What is a SPAC and why was it just added to the dictionary?
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What is a SPAC and why was it just added to the dictionary?
Some of us might have other metrics for fame, but when it comes to language, you know a term has “made it” when it’s been added to the dictionary.
Merriam-Webster added 455 new words in October, including “dad bod,” “fluffernutter,” “copypasta” and “blank check company,” also known as a special purpose acquisition company, or SPAC.
The term is defined as “a corporate shell set up by investors for the sole purpose of raising money through an initial public offering to acquire another business yet to be determined.”
These shell companies, complete with shareholders and a board, look for companies that want to go public more quickly and cheaply than via a traditional initial public stock offering. It’s supposed to be a mutually beneficial relationship.
SPACs usually have up to 24 months to acquire and merge with a company. If they can’t, the investors’ money must be returned.
The term SPAC has been getting a lot of attention this year, with celebrities and sports stars such as Jay-Z, Serena Williams and Steph Curry involved in some form or another with these financial entities. At one point this year, the Securities and Exchange Commission even had to issue an alert telling investors not to make decisions “based solely on celebrity involvement.”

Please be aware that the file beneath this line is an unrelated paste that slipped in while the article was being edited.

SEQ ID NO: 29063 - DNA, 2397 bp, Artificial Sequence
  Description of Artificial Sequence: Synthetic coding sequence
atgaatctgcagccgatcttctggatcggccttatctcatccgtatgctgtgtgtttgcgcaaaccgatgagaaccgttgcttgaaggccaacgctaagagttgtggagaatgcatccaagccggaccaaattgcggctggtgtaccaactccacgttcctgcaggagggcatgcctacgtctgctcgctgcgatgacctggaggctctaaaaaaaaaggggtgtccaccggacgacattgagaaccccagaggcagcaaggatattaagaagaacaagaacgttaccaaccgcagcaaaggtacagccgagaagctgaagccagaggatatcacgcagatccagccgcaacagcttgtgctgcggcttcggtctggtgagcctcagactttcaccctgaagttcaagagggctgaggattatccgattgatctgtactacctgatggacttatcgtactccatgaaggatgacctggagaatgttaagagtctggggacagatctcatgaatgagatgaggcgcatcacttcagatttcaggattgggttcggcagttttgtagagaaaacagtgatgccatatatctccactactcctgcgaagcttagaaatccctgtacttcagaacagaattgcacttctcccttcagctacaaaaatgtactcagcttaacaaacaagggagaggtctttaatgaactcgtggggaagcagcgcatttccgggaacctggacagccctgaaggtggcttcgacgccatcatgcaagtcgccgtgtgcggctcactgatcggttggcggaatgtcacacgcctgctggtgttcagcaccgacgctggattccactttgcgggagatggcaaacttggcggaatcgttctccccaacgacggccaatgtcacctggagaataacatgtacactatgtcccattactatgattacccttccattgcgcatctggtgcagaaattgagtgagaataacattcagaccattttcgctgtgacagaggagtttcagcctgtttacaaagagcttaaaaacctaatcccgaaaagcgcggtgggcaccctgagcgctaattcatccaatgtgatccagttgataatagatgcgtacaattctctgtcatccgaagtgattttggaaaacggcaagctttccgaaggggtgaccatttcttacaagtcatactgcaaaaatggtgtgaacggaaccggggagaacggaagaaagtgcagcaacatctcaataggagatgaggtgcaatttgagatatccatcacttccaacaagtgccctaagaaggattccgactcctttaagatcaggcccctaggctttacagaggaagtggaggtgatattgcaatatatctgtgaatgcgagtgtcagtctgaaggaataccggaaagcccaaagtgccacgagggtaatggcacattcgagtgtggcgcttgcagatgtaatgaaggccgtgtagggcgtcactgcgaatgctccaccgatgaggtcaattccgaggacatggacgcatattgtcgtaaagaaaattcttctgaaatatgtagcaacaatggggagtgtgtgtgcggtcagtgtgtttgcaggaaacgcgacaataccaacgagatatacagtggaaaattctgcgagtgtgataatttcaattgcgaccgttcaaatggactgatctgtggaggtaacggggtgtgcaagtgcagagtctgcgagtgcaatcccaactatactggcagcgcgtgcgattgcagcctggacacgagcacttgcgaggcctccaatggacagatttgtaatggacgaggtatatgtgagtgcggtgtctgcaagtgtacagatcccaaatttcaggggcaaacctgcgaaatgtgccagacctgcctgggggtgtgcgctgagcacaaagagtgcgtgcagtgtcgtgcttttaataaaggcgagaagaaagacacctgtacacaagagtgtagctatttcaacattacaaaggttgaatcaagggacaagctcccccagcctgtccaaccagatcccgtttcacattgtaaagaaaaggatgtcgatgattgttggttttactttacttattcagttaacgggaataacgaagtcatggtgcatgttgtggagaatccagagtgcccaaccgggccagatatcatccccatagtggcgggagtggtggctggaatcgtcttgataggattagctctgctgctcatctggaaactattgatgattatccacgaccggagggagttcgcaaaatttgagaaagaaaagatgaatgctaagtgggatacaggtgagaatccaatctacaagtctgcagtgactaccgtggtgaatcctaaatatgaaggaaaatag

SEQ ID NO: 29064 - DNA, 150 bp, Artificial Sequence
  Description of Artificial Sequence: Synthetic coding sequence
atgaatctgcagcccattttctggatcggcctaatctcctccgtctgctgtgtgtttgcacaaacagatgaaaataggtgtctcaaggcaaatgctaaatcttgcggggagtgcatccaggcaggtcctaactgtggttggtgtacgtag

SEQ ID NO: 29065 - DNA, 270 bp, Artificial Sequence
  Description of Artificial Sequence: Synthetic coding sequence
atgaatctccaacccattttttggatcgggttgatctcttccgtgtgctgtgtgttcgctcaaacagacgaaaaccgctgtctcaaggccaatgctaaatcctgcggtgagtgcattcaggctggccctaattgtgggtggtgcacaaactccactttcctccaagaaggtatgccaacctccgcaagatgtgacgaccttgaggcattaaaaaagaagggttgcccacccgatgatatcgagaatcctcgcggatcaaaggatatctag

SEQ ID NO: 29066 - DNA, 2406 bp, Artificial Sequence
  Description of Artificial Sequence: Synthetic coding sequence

Adam Lashinsky, a columnist for Business Insider, told Marketplace host David Brancaccio that when he was writing about SPACs decades ago, “they were kind of this sordid, dirty, dark corner of the finance world.” Now, their appeal has skyrocketed. In 2009, one SPAC went public, according to SPACInsider. In 2021, there were more than 500 SPACs.
Merriam-Webster explained that when it decides to add a new word to the dictionary, it looks for three criteria: “frequent use, widespread use and meaningful use.”
Peter Sokolowski, editor at large for Merriam-Webster, said terms like SPAC — or words from other fields, like medicine, sports and politics — are initially used by practitioners or lawmakers. Then by the journalists who cover them.